Tuesday, December 16, 2008

Hind Swaraj

After reading 'My experiments with Truth' - the famous (and of course only) autobiography of M.K. Gandhi, i was dying to read 'Hind Swaraj', to get a view of the real ideologies of the Mahatma before he actually became one. This book is a collection of questions answered by him on Swaraj, concept of civilizations, kind of education and language to be imparted to the Indians and his idea of the India he wished to see.

Industrialization and globalization were more taboo to Gandhiji than anything else. In one way or the other i sensed so much of Communism in Gandhi's ideologies that i tried to differentiate his thoughts with it.
'We have had no system of life-corroding competition.Each followed his own occupation or trade and charged a regulation wage. It was not that we did not know how to invent machinery, but our forefathers knew that, if we set our hearts after such things, we would become slaves and lose our moral fibre.'

He despised industries on the whole because in his view, machinery has ruined human kind more than anything. Industries have created slaves and reduced happiness and work for all.
'Machinery is like a snake-hole which may contain from one to a hundred snakes.'

He despised railways, doctors, lawyers and of course the complete English approach of the European development.
'It must be manifest to you that, but for the railways, the English could not have such a hold on India as they have. The railways, too, have spread the bubonic plague. Without them, the masses could not move from place to place. They are the carriers of plague germs. Formerly we had natural segregation. Railways have also increased the frequency of famines because, owing to facility of means of locomotion, people sell out their grain and it is sent to the dearest markets.'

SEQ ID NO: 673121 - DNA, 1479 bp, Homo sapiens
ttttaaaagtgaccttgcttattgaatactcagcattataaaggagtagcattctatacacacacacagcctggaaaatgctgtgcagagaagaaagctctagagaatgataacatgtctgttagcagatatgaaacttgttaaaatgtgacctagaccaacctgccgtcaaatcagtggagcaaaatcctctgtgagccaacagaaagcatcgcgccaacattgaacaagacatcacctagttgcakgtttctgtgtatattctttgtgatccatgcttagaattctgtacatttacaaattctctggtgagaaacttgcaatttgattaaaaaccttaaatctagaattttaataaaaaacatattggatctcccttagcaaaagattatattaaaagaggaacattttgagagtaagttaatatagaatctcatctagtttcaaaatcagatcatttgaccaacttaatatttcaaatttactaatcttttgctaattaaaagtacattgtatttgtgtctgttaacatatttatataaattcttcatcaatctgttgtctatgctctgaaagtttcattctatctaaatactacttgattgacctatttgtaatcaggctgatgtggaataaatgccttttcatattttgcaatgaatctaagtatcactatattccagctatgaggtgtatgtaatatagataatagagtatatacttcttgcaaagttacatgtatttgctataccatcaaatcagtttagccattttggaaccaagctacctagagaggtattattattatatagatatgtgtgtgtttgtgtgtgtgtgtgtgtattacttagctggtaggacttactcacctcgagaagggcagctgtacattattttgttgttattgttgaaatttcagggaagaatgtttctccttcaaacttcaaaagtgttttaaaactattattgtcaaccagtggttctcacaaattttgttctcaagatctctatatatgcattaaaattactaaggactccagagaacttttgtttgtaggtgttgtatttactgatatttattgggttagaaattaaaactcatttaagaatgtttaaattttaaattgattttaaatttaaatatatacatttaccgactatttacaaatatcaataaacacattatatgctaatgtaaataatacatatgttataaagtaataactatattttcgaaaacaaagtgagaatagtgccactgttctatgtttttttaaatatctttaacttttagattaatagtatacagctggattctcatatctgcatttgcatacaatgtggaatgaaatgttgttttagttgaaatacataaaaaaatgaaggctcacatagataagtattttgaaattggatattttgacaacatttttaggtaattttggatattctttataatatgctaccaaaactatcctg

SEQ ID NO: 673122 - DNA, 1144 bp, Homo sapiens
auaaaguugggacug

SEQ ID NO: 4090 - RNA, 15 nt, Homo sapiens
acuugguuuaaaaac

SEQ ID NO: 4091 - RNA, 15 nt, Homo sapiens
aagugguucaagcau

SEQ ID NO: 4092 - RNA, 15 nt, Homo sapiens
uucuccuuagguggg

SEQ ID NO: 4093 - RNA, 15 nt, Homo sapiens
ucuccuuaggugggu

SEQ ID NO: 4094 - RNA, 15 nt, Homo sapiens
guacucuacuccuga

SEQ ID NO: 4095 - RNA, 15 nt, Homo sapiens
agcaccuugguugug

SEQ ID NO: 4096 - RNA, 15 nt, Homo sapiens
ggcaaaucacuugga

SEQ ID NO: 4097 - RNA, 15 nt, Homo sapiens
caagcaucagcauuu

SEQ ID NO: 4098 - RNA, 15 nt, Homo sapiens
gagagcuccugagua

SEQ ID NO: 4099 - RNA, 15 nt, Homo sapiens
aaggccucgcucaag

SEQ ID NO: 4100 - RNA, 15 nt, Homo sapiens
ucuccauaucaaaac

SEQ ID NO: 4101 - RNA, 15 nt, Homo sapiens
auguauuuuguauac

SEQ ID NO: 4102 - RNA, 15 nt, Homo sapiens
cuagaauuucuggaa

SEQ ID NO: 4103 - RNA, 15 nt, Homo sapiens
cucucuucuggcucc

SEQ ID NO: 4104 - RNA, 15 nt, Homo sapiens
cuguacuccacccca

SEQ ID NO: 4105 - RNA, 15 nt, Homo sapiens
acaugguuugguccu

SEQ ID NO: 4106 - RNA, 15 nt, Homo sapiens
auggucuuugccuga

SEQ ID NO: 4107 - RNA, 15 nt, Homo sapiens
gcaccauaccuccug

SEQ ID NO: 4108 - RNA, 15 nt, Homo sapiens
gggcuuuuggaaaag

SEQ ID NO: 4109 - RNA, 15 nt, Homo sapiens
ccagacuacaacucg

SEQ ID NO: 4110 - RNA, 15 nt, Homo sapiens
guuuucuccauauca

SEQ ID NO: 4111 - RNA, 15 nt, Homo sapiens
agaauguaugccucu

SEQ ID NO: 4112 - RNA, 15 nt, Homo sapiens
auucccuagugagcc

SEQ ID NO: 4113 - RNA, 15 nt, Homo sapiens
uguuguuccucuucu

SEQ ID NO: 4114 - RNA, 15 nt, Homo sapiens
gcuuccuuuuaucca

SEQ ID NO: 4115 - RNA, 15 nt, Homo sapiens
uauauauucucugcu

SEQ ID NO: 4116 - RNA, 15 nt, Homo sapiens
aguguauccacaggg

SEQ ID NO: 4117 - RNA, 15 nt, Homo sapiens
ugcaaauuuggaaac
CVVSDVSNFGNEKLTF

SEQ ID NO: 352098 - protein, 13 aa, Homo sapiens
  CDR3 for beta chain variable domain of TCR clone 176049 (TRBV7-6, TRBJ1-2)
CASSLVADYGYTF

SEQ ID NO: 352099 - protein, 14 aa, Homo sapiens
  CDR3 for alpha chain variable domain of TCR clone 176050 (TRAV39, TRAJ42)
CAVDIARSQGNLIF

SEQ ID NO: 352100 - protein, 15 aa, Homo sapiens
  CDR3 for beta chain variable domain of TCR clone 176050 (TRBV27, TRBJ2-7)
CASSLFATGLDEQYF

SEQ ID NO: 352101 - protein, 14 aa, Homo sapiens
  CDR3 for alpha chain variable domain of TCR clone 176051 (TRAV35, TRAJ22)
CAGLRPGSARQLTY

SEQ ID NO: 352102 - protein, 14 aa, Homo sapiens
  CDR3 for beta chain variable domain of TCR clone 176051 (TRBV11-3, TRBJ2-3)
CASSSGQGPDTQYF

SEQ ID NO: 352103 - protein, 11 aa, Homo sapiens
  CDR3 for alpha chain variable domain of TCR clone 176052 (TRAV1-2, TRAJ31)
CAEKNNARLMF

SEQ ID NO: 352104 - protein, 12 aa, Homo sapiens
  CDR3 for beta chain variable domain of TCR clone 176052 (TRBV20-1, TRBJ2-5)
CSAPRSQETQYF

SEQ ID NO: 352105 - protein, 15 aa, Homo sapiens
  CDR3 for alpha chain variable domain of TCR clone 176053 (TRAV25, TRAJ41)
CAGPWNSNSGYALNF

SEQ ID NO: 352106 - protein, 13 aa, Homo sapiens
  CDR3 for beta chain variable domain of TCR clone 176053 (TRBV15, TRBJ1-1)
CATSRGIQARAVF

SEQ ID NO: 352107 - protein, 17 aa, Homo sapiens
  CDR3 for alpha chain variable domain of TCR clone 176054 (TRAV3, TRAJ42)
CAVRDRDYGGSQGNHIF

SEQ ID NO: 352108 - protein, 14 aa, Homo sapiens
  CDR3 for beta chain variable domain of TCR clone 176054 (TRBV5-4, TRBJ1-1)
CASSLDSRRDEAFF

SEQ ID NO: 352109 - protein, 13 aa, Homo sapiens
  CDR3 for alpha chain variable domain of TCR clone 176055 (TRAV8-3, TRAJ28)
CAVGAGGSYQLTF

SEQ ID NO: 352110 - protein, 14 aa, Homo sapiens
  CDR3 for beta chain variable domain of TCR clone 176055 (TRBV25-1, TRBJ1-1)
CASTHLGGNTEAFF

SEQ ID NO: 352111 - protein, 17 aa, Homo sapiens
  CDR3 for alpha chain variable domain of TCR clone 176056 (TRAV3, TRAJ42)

Gandhi, who himself was a lawyer and had helped Indians immensely in South Africa, felt derogatory for the profession.
'My firm opinion is that the lawyers have enslaved India, have accentuated Hindu-Mahomedan dissensions and have confirmed English authority.'

About Doctors..
'I have indigestion. I go to a doctor, he gives me medicine, I am cured. I overeat again, I take his pills again. Had I not taken the pills in the first instance, I would have suffered the punishments deserved by me and I would not have overeaten again. The doctor intervened and helped me to indulge myself. My body thereby certainly felt more at ease; but my mind became weakened. A continuance of a course of medicine must, therefore, result in loss of control over the mind.'

This book actually was used as a pamphlet to promote Gandhian philosophy to the Indians. This proscribed literature was sold at nominal cost to the proletarians across India to let them know the Gandhian philosophy and make them aware of the concept of 'Hind Swaraj'.

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